The scientists’ goals were to make life simpler for everyone (Brynjolfsson & Mcafee, 2017). They experimented with giving the machines the capacity to think by introducing a sequence of instructions and programs into them in order to see whether they could think for themselves. These robots are capable of interpreting and reasoning in the same way as humans are! Talk about putting a piece of one’s thoughts out there for the world to see! He claims that the human mind is extremely similar to the machine mind because, in a way, the human mind is also a computer, which he compares to the machine mind. He addresses the outcomes of automating these robots to think as we do in two different ways: first, he treats them as if they were human. According to the author, giving machines a consciousness might result in machine beings that are indistinguishable from humans in the sense that they would have emotions and human impulses similar to those of humans (Lu et al., 2018). On the other side, these automated technologies might result in robots that just execute what they were programmed to do, without showing any emotion or resemblance to humans in the process. According to the author, no amount of human intellect will ever be able to equal our humanity. To provide an example, he claims that no matter how much programming is put into a computer, it will never be as creative or original as a human brain. This is due to the fact that they are provided with a succession of programs according to their objective (Agrawal, Gans, & Goldfarb, 2017).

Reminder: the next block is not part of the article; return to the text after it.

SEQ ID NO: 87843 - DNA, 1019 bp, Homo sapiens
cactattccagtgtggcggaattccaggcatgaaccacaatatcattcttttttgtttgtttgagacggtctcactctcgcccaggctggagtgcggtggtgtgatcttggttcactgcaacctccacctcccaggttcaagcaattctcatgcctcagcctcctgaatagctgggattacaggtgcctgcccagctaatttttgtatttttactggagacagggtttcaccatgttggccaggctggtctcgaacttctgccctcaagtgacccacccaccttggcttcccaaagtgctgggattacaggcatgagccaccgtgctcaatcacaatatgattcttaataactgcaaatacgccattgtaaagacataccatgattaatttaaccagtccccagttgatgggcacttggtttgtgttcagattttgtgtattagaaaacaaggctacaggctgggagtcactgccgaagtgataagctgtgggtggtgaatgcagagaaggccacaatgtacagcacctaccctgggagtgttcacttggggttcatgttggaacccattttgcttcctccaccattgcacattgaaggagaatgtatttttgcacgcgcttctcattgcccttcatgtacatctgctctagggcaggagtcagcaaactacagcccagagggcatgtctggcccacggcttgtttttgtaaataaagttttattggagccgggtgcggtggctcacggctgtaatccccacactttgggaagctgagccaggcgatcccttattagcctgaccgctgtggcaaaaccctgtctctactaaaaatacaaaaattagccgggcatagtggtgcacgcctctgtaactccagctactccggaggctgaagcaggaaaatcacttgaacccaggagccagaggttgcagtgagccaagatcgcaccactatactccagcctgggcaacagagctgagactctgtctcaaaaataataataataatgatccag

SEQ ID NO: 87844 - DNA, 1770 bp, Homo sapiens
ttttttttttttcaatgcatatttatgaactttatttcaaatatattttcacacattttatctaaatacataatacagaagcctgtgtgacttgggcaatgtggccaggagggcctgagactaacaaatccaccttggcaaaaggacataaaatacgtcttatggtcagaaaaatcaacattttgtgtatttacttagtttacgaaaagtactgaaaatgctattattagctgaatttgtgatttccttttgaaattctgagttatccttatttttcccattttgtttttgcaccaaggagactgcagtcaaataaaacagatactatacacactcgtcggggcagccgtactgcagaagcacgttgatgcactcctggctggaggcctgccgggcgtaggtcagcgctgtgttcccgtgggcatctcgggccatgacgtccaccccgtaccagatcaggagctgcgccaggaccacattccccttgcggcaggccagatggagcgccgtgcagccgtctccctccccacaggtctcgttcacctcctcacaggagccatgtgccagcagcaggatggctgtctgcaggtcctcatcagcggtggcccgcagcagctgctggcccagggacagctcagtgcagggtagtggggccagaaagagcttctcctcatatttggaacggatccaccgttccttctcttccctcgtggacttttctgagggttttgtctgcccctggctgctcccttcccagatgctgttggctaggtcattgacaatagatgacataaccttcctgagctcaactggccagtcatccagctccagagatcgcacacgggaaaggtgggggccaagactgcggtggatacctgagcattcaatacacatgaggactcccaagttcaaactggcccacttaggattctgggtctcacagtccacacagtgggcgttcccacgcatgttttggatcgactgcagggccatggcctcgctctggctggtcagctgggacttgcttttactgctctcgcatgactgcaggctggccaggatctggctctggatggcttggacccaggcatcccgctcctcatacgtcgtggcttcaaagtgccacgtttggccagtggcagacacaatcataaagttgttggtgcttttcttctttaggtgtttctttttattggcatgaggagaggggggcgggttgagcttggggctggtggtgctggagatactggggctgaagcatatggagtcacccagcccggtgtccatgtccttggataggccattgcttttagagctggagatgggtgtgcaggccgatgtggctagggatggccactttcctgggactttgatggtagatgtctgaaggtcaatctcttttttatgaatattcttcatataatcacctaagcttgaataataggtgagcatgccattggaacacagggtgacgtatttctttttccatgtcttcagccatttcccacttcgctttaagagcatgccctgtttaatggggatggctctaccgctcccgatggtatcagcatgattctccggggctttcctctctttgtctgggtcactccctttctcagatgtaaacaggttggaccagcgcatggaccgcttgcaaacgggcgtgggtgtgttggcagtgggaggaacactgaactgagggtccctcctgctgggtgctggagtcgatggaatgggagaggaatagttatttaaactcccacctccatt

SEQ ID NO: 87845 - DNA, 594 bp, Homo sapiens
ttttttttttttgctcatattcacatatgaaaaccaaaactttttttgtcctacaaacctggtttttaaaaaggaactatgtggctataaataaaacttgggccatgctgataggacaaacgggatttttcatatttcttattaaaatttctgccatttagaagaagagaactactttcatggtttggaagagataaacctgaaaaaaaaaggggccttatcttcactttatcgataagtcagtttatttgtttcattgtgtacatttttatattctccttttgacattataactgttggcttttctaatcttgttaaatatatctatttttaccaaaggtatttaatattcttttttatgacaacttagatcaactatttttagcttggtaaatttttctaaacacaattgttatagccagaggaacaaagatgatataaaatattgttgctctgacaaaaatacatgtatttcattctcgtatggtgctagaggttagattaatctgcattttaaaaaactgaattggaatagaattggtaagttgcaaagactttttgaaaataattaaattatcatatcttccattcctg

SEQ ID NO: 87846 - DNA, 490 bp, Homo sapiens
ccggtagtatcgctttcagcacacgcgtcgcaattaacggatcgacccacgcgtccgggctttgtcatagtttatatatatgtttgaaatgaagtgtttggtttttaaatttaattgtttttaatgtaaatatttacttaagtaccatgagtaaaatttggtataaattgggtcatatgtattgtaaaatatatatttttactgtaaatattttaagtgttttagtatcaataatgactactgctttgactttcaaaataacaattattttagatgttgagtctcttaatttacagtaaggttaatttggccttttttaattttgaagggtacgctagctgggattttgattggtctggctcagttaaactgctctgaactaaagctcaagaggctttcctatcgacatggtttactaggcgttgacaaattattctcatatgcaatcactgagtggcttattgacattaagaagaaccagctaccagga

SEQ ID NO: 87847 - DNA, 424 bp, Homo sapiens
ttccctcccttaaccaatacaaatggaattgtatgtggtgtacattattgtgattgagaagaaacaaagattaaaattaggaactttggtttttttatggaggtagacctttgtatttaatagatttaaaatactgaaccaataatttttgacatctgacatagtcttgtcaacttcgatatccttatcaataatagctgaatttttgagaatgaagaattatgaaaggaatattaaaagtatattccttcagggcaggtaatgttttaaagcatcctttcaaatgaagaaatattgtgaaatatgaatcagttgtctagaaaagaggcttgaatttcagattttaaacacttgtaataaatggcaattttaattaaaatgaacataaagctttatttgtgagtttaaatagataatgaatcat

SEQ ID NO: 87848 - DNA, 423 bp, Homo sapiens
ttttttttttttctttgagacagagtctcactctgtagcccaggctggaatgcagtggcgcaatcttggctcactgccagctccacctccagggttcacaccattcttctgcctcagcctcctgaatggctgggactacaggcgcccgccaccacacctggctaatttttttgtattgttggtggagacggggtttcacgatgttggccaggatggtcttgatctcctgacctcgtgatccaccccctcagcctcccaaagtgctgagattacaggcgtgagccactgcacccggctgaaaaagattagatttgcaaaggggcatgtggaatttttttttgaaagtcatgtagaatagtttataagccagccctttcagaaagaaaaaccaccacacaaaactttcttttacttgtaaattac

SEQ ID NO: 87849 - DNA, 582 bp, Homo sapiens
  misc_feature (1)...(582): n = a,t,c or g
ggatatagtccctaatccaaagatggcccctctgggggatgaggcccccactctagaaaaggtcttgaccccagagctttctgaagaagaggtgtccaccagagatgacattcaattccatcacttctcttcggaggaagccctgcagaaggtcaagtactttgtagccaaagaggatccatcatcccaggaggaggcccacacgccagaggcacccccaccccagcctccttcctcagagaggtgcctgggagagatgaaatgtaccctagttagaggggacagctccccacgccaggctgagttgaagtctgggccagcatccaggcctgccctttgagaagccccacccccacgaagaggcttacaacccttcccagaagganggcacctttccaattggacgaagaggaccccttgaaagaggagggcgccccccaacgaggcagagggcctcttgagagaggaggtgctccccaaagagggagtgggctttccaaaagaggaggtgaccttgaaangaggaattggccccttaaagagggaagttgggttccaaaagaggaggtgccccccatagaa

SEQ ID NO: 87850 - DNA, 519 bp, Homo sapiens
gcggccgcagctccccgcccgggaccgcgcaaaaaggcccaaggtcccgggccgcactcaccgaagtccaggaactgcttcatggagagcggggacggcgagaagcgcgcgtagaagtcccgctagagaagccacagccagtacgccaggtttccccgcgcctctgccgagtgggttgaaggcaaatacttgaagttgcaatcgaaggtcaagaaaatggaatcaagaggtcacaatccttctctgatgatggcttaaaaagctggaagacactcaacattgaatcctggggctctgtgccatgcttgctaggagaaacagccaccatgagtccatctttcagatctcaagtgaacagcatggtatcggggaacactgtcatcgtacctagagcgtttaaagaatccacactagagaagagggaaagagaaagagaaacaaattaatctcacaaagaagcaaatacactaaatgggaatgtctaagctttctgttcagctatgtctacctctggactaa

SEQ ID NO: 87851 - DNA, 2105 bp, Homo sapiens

This implies that they can only accomplish what they were designed to do and will never be able to compete with humans in terms of originality since they will be restricted by their programming. Ideas and research from Galileo’s, Democritus’, and Hobbes’ writings are included into the writer’s theories and research to help in the continued development of his theories. Galileo was not concerned with the intellect or the soul, but rather with mathematical representations (Taulli & Oni, 2019). His mathematical representations provided a path to understanding and breakthrough in topics pertaining to the mind. Democritus, a Greek atomist, was likewise of the opinion that nature is inscribed in mathematical letters, but he was wrong. As a result of taking things into account and comparing those to the subject matter at hand (artificial intelligence), it becomes clear that it needs mathematics, which indicates that they might just as well be the products of nature. But if this is the fact, it implies that they have a greater potential for becoming smarter than human beings since everything about them is built on mathematical programming, which are theoretically the foundation of human brains (Calo, 2017).